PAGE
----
A man from Birmingham has had his hair cut for the first time since the first Covid-19 lockdown to help children with cancer.
Stuart Hughes had been growing his hair for 41 months so it could be used to make wigs.
Mr Hughes, a senior programme manager for Network Rail in Birmingham, had his hair gathered into 10 ponytails which were 18 inches long.
After being on Friday, the ponytails will now be donated to Hereford-based charity The Little Princess Trust.
Mr Hughes, 46, said: “I have never had long hair before, and during the first lockdown I just thought I would let it grow out a bit longer than usual.
“As time went by a number of people said that if I ever get my hair cut I should donate it, so I looked into it.
“The biggest demand is for hair over 12 inches long so I was delighted to have 10 ponytails around 18 inches long cut off last Friday.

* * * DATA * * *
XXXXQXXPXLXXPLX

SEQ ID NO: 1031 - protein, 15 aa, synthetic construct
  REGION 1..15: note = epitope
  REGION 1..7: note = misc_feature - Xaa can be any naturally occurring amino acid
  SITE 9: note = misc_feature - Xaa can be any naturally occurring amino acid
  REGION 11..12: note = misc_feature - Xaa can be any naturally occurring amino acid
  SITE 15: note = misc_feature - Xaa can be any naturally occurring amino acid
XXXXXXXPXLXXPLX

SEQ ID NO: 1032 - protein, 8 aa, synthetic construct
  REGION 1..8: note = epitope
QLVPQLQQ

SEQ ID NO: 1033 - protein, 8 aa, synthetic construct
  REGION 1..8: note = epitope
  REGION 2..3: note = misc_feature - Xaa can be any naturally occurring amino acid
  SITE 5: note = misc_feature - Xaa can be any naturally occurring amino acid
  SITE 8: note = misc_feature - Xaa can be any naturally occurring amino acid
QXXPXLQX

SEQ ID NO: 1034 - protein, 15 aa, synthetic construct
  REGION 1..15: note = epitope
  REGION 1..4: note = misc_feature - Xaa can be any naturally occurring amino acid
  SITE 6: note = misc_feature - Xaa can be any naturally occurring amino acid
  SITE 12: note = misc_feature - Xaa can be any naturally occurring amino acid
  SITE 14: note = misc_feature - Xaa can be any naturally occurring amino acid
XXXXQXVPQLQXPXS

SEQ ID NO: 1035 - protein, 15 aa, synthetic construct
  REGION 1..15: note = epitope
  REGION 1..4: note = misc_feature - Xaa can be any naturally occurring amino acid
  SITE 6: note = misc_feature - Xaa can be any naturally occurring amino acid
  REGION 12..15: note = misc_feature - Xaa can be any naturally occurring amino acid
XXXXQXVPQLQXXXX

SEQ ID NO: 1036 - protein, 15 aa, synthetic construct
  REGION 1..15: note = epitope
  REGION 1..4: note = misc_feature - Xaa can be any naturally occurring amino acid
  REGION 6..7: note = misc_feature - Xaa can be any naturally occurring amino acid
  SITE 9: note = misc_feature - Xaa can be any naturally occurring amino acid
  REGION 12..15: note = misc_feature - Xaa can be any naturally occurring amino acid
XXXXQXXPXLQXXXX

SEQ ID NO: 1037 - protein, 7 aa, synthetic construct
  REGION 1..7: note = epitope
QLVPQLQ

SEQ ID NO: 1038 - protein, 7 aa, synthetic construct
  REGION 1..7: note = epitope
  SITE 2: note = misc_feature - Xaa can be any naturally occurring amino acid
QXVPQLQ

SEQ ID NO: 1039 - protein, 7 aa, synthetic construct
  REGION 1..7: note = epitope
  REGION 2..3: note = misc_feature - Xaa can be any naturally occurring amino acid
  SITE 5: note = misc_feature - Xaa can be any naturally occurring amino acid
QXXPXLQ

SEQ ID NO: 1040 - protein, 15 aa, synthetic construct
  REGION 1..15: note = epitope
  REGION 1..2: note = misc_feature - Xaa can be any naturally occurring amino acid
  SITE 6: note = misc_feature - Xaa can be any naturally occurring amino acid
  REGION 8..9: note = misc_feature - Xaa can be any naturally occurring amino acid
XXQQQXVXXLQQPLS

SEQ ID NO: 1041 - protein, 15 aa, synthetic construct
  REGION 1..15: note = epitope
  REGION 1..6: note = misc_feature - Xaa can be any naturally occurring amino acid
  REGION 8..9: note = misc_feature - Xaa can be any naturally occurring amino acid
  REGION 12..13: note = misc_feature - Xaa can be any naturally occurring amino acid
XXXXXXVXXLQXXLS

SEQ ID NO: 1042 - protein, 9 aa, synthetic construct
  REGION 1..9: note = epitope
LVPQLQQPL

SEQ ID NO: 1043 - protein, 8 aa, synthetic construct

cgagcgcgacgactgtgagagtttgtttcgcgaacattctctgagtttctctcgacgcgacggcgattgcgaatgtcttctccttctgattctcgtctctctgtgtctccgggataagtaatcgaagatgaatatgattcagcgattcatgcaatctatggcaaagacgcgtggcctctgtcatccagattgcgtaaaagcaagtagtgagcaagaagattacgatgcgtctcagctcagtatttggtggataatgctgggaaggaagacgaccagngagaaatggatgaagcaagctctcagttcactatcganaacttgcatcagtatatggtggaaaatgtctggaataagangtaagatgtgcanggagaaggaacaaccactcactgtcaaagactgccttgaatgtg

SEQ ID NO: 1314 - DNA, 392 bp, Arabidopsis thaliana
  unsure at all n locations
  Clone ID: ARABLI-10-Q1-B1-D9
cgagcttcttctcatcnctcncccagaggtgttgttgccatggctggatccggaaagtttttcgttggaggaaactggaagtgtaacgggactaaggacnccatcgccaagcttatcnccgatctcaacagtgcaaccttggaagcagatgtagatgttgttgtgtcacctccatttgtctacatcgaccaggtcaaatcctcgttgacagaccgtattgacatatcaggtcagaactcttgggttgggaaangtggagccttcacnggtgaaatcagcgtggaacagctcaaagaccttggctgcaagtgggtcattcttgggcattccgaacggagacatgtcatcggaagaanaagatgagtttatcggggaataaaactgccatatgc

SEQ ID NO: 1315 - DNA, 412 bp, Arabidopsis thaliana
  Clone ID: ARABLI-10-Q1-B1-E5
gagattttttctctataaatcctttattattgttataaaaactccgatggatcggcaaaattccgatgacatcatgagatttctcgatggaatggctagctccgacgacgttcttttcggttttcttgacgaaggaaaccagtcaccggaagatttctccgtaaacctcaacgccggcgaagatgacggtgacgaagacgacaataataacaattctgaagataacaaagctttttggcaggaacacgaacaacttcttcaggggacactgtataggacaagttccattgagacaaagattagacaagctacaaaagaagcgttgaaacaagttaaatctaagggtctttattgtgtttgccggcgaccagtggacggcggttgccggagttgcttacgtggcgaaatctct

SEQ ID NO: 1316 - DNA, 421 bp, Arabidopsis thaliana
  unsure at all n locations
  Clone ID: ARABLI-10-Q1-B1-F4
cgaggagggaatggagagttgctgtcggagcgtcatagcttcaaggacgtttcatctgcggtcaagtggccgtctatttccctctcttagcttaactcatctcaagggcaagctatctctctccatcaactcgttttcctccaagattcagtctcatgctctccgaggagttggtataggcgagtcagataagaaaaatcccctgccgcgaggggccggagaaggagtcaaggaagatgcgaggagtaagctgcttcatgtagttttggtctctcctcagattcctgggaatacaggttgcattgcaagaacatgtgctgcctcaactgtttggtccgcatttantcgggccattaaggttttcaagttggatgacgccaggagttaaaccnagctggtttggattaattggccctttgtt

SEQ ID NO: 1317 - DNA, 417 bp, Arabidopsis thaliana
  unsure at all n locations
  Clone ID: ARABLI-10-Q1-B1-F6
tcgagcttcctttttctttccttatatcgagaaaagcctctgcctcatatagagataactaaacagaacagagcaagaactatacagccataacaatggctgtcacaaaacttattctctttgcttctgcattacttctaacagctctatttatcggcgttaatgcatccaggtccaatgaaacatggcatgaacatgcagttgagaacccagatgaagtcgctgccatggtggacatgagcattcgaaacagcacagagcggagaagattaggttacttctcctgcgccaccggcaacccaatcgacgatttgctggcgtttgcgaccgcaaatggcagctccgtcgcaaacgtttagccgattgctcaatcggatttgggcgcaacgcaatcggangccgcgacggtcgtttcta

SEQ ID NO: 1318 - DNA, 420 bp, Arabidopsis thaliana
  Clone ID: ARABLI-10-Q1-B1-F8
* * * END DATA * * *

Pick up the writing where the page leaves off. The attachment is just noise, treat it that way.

“Whilst I may miss the long hair a little bit, I am really pleased that it will go to someone for whom it will make a really positive difference.”
Mr Hughes also aimed to raise the £550 needed to make the wigs but has now raised more than £1,100 in an online fundraiser.
The Little Princess Trust provides real hair wigs free of charge to children who have lost their own through cancer treatment or conditions such as alopecia.
Wendy Tarplee-Morris, founder of the charity, said: “We are so pleased Stuart decided to donate his incredible lockdown locks to us.
“His lengthy hair and phenomenal fundraising will be a huge help to us as we continue to provide more and more wigs to children and young people with hair loss.”
The additional money from Mr Hughes’ fundraiser will also be donated to the charity to make more wigs for children who need them.